* The bookstore Shakespeare and Company, founded by Sylvia Beach,  closed in 1941, during the German occupation of Paris. When Sylvia Beach died in 1962, Georges Whitman renamed his bookstore, rue de la Bûcherie into Shakespeare and Company

  • Café Voltaire
    Place de l’Odéon
    Atget
    (Musée Carnavalet)

Rue de l'Ecole de Médecine

Naturaliste, rue Ecole de Médecine
Atget – 1926
(MoMA)

The Cordeliers Convent was standing where, is today the Faculty of Medicine. This is where the members of the Cordeliers club were meeting during the French Revolution. One of them, Marat, was living in a nearby house which was destroyed when boulevard Saint-German was built. This is at his home that Marat was stabbed to death by Charlotte Corday, the 13th of July, 1793, when he was in a sulfur bath as a remedy against a severe skin disease.

Before the burial in the garden of the convent, the state funeral of Marat was dramatically arranged by the painter David in the Church of Cordeliers. The corpse, draped under a wet sheet in imitation of antique statues, was exposed on a high tricolor platform against which the crowd thronged. Since the church and the burial place were very close, David organized a long procession starting rue des Cordeliers, stopping at the Pont-Neuf bridge where cannons fired a salvo, then coming back via Pont aux Changes bridge to Odéon theater. Beyond his death, Marat somehow continued to participate in the revolutionary debates as his embalmed heart was sealed into an urn and suspended from the Club's ceiling.
With the building of the School of Medicine, nothing is left, but the refectory (Réfectoire des Cordeliers) - today under major renovation - and the Marat's bath tub that can be seen at the Grévin Museum.

  • Entrée couvent des Cordeliers
    15, rue Ecole de Médecine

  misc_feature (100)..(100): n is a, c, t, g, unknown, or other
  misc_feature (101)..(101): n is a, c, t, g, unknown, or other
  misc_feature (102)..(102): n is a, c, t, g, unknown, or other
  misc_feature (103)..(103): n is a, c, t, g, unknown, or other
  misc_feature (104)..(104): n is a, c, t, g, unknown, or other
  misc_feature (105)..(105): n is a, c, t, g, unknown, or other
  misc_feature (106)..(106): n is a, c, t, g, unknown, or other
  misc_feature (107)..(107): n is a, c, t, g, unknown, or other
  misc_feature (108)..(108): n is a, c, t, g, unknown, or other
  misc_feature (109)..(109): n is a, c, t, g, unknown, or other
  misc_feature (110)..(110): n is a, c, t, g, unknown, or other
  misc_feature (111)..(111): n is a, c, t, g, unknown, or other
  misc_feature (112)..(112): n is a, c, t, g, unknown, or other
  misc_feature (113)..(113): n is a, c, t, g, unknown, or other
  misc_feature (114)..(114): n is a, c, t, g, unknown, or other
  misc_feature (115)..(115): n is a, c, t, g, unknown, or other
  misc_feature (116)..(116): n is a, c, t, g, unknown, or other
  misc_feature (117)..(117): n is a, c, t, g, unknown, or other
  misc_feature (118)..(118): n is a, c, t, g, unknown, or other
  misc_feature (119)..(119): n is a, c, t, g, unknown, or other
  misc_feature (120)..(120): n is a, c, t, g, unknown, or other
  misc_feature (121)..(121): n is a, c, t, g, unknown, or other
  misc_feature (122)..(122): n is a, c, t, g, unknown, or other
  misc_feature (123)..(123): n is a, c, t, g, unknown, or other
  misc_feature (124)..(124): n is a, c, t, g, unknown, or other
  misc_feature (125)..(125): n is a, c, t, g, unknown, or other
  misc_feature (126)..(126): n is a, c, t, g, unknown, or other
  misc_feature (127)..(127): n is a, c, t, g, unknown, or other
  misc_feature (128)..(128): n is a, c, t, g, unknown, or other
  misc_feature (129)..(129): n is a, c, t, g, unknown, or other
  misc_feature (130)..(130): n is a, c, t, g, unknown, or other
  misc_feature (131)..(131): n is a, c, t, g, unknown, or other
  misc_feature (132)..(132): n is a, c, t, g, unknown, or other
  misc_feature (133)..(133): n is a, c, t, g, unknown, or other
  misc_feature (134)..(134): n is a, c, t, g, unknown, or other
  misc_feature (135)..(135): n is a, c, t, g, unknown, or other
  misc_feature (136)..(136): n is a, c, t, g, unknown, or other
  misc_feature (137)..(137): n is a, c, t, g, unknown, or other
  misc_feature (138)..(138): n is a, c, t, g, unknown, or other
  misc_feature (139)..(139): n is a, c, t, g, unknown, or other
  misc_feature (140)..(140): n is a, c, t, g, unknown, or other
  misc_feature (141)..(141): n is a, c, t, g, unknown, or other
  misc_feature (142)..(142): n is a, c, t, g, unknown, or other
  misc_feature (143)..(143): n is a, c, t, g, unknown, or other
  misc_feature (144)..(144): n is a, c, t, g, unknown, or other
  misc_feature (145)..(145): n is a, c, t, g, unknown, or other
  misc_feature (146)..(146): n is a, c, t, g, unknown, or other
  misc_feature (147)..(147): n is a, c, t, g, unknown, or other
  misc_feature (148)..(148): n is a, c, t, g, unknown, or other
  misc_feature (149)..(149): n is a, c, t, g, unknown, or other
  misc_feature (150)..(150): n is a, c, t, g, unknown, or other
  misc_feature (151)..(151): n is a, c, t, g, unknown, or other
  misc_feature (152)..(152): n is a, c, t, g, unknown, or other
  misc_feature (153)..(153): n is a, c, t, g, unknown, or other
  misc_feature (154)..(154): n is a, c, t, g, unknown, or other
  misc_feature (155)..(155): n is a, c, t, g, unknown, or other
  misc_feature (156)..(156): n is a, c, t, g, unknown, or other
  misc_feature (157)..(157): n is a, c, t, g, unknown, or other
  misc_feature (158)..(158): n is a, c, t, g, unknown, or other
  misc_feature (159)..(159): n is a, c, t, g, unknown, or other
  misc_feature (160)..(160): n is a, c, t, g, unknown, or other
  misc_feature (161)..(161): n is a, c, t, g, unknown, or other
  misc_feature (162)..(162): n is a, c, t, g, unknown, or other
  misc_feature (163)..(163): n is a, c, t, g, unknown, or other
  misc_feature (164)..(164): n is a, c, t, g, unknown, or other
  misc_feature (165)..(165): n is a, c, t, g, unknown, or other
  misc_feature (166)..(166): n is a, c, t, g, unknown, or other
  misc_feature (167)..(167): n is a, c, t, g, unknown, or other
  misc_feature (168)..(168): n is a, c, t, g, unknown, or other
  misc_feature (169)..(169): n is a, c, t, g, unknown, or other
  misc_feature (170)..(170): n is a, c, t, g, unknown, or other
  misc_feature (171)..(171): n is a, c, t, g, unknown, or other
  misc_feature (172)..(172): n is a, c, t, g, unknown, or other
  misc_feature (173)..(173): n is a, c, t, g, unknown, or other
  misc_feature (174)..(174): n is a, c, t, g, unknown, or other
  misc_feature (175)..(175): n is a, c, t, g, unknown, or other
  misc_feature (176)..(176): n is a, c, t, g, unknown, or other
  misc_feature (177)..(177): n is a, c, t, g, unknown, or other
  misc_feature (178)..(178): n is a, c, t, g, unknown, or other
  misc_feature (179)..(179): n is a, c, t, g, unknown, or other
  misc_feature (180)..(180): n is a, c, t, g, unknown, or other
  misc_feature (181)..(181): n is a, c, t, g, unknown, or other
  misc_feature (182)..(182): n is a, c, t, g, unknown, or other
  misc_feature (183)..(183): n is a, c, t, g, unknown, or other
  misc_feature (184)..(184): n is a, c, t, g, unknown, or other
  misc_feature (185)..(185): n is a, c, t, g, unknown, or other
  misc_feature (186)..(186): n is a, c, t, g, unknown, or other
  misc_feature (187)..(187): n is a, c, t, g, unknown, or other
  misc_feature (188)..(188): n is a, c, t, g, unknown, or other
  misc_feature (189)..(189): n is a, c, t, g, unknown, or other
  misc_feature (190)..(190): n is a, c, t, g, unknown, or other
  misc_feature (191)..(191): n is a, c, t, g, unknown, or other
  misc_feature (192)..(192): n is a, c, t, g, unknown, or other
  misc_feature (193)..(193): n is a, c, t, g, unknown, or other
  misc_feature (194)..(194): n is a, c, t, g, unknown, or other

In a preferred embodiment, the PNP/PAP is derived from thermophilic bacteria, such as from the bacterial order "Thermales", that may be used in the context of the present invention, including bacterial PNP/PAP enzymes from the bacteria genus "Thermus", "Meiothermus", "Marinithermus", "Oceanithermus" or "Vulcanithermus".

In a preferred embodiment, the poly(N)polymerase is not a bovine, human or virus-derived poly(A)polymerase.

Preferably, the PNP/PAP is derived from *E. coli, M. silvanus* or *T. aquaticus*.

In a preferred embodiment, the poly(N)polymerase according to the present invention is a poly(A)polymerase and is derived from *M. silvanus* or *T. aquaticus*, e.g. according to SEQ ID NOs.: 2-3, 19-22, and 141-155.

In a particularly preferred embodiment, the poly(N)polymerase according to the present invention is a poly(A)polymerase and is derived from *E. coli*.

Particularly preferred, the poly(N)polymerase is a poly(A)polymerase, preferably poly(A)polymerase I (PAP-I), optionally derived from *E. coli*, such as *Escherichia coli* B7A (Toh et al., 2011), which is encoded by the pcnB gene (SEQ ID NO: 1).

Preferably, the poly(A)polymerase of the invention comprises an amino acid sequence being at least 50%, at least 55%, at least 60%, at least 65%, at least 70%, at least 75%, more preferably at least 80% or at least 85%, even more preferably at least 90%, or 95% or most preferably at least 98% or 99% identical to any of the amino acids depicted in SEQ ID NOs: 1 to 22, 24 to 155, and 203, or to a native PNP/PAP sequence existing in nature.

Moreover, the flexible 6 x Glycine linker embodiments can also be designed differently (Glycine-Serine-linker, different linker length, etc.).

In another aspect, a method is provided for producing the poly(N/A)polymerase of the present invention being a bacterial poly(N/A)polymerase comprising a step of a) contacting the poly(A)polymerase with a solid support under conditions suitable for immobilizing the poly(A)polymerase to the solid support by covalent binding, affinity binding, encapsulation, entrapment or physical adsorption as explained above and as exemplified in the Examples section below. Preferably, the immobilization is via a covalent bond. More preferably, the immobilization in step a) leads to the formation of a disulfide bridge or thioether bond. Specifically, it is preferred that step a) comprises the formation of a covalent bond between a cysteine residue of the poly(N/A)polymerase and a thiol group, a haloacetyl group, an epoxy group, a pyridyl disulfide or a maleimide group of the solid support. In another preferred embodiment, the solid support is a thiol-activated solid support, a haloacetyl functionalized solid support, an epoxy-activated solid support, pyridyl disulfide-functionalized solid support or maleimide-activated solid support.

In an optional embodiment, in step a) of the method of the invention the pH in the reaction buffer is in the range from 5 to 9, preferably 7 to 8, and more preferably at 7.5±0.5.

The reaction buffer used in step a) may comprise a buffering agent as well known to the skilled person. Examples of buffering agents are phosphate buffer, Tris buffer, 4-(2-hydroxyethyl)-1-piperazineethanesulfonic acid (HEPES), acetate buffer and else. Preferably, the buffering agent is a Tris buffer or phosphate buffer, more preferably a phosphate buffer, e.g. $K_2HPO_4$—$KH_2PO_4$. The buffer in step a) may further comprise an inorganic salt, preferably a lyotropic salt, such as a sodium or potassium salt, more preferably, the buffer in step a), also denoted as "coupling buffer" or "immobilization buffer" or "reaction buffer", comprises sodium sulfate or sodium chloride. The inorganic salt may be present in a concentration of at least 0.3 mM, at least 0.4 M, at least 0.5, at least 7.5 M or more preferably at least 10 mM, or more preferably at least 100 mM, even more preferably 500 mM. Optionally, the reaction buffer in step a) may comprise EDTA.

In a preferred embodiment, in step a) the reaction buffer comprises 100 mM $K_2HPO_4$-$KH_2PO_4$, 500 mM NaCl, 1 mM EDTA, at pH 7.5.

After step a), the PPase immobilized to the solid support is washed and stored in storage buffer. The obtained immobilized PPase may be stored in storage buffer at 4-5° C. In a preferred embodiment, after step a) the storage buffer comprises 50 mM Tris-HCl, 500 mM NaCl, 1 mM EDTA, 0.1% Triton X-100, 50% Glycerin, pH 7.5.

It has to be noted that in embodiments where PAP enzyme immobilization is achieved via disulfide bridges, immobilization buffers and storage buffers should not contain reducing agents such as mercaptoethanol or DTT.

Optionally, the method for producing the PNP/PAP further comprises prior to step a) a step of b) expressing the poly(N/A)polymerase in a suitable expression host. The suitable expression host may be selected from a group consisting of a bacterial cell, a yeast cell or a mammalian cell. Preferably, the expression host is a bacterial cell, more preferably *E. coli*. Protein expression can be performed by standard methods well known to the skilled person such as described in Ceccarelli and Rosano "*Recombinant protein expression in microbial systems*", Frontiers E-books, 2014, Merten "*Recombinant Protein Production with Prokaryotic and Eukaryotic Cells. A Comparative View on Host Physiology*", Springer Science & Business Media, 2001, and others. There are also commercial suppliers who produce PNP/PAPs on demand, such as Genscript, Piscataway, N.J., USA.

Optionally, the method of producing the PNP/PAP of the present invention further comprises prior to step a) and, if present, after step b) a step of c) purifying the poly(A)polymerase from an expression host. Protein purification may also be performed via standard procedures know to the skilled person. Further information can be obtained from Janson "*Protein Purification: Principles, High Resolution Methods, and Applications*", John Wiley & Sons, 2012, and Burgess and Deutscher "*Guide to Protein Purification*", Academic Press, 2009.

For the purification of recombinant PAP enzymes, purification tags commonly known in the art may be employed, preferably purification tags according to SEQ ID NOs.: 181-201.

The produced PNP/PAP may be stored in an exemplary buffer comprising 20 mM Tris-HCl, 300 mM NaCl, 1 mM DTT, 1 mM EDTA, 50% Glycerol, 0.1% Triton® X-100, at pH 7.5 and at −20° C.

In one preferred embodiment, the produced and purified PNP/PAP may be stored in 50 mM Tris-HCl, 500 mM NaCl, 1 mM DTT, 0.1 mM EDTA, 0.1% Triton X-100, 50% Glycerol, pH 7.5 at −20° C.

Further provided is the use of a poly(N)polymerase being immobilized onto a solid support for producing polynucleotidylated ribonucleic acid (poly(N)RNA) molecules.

Atget – 1899
    (BnF)

Cour de Rohan

Cour de Rohan - Rue du Jardinet
Atget - 1915
(Médiathèque de l’Architecture et du Patrimoine)

Let's now cross boulevard Saint-Germain and go straight ahead rue de l'Eperon; on our left, let's take the narrow and quiet rue du Jardinet, now a dead end since the three successive courtyards of Cour de Rohan is now closed to the public. Because, it was a dependence in the XVth century of an old mansion owned by the cardinal of Rouen, it got the name of Rohan or Rouen.

Not that long ago, it was possible to walk between rue du Jardinet and Passage du Commerce through the quaint three courtyards. Today, there is the only possibility to have a look from behind the gate of rue du Jardinet; from there you will be able to see the first courtyard and the elegant brick and stone facade high above the second courtyard.

The last time I came I was very lucky to meet with a charming lady (even more lucky to live there) and kind enough to let me in. A few curiosities: in the first courtyard, hidden behind the flowerpots, a very old well; in the second courtyard, a wrought iron tripod used in the past to dismount more easily from a horse (last remaining pas de mule in Paris).

Cour de Rohan
Atget – 1915
(Musée Carnavalet)

The third courtyard opening on passage du Commerce (joining Boulevard Boulevard Saint-Germain with rue Saint-André-des-Arts), is where the painter Balthus had his studio up several flights of the outside stairs.

 

Cour de Rohan
Atget
(INHA)

There is poesy in Atget's photos showing a simple setting of stones blackened by the time. I have a strange feeling when superimposing them with the view of the hidden place today, seemingly still in its original state and in reality a discrete luxury. Certainly this is still a small corner of paradise, like Diane de Poitiers would have enjoyed when she met here the king Henri II, definitely a haven of peace compared to the nearby Passage du Commerce, a noisy tourist attraction.

 

  • Cour de Rohan
    Rue du Jardinet
    Atget – 1923
    (Musée Carnavalet)

Passage du Commerce Saint-André